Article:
Stud Or Dud: Looking Forward To Ricky Rubio In The NBA

06.02.11 6 years ago 20 Comments
Ricky Rubio

Ricky Rubio (photo. Nicky Woo)

Now that Ricky Rubio‘s European career has most likely come to an end, it’s time to look at his NBA potential. Other international talents have stirred similar controversy when their overseas careers ended and the NBA horizon loomed. Take a look as we debate the potential of the No. 5 pick in the 2009 NBA Draft.

Stud by Kevin Zimmerman

Growing worries of Ricky Rubio’s last few seasons of Euro ball have developed into doubt that the fifth pick of the 2009 NBA Draft will become irrelevant when he finally steps on and NBA court. Though there’s a lot of uncertainty behind the 20-year-old, there’s a number of reasons why he shouldn’t be discounted as a successful NBA talent.

Maybe it begins with his lack of pure athleticism and unappealing NBA build. Look at it this way; one of the league’s best point guards over the past few years, Steve Nash, isn’t much of an athletic specimen himself. Nonetheless, his basketball IQ has made him one of the most skilled and creative passers in the game, and there’s no reason Rubio, despite his lack of pure explosiveness, can’t mold himself into the same effective point guard in a similar way as Nash has done for himself.

After all, the youngster proved that NBA size and speed wouldn’t hamper his abilities in the 2008 Olympics. In two games against Team USA, Rubio played 46 total minutes and tallied 14 points and six assists.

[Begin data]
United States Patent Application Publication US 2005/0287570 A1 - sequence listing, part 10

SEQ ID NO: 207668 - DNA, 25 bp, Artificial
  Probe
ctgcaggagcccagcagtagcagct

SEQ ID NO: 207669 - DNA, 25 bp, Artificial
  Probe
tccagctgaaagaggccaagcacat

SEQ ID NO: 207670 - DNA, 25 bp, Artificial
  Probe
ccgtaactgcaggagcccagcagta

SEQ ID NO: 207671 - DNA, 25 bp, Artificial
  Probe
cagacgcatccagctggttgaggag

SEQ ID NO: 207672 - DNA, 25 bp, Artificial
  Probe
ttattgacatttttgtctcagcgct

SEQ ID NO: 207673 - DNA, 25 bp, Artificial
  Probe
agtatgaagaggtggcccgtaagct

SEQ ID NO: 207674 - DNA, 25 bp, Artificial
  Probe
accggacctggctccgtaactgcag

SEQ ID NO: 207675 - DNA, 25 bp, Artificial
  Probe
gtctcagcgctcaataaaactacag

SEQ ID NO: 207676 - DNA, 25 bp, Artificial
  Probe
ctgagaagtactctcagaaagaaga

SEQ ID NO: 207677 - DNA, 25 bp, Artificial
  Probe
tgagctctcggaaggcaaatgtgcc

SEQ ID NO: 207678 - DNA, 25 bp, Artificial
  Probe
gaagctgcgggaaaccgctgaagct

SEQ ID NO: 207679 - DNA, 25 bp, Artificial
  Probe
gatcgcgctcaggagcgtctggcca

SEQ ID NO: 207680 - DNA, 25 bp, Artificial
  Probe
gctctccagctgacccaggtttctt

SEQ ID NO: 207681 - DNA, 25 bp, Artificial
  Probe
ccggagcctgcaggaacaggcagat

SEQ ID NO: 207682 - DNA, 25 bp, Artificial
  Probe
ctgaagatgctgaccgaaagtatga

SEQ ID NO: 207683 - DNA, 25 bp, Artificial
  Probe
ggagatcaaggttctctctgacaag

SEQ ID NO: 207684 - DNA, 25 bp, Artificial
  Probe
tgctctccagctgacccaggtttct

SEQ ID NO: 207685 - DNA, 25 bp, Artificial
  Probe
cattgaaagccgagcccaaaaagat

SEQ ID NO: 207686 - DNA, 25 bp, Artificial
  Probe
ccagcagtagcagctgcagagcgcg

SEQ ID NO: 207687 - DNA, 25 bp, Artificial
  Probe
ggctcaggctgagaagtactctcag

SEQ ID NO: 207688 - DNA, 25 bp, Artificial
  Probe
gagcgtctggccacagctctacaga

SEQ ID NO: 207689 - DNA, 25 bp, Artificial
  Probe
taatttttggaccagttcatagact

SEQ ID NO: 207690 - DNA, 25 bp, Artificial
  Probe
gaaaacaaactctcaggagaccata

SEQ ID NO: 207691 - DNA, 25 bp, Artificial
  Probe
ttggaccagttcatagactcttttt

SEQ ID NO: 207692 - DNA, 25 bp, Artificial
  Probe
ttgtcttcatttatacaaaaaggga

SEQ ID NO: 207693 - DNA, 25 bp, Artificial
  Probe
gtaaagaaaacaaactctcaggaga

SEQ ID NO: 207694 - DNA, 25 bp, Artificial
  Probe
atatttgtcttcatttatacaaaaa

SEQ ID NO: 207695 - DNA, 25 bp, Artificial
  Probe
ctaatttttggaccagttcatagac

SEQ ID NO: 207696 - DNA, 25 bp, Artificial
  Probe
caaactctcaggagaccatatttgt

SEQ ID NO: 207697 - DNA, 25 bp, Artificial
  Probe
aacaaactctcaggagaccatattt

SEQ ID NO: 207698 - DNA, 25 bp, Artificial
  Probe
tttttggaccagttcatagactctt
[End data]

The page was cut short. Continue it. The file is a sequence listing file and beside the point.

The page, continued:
Sure, he had six turnovers as well, but then a teenager, he didn’t wilt under the spotlight and wasn’t afraid to take the ball to the basket, hitting 9-of-10 free throws through two games against an athletic American squad. And defensively, Rubio ripped USA six times in those two outings. So is his athleticism that much of a concern? Clearly the USA defense didn’t keep him out of the paint, and clearly his own defense was decent enough to make plays.

Why then, did he struggle these past few seasons in Europe? It’s a more constricted game, the closer three-point line and available zone defenses constraining to a point guard who would be better suited in the pick and roll happy NBA. For a savvy ball-handler like Rubio, the NBA can only help his game.

Look at Milwaukee Bucks point guard Brandon Jennings and his brief European career as proof. Jennings also put up sub-par stats that made GMs do a double-take. But when he came to the NBA, while his numbers aren’t especially extraordinary, Jennings has shown just how different – and how misleading – overseas production can be.

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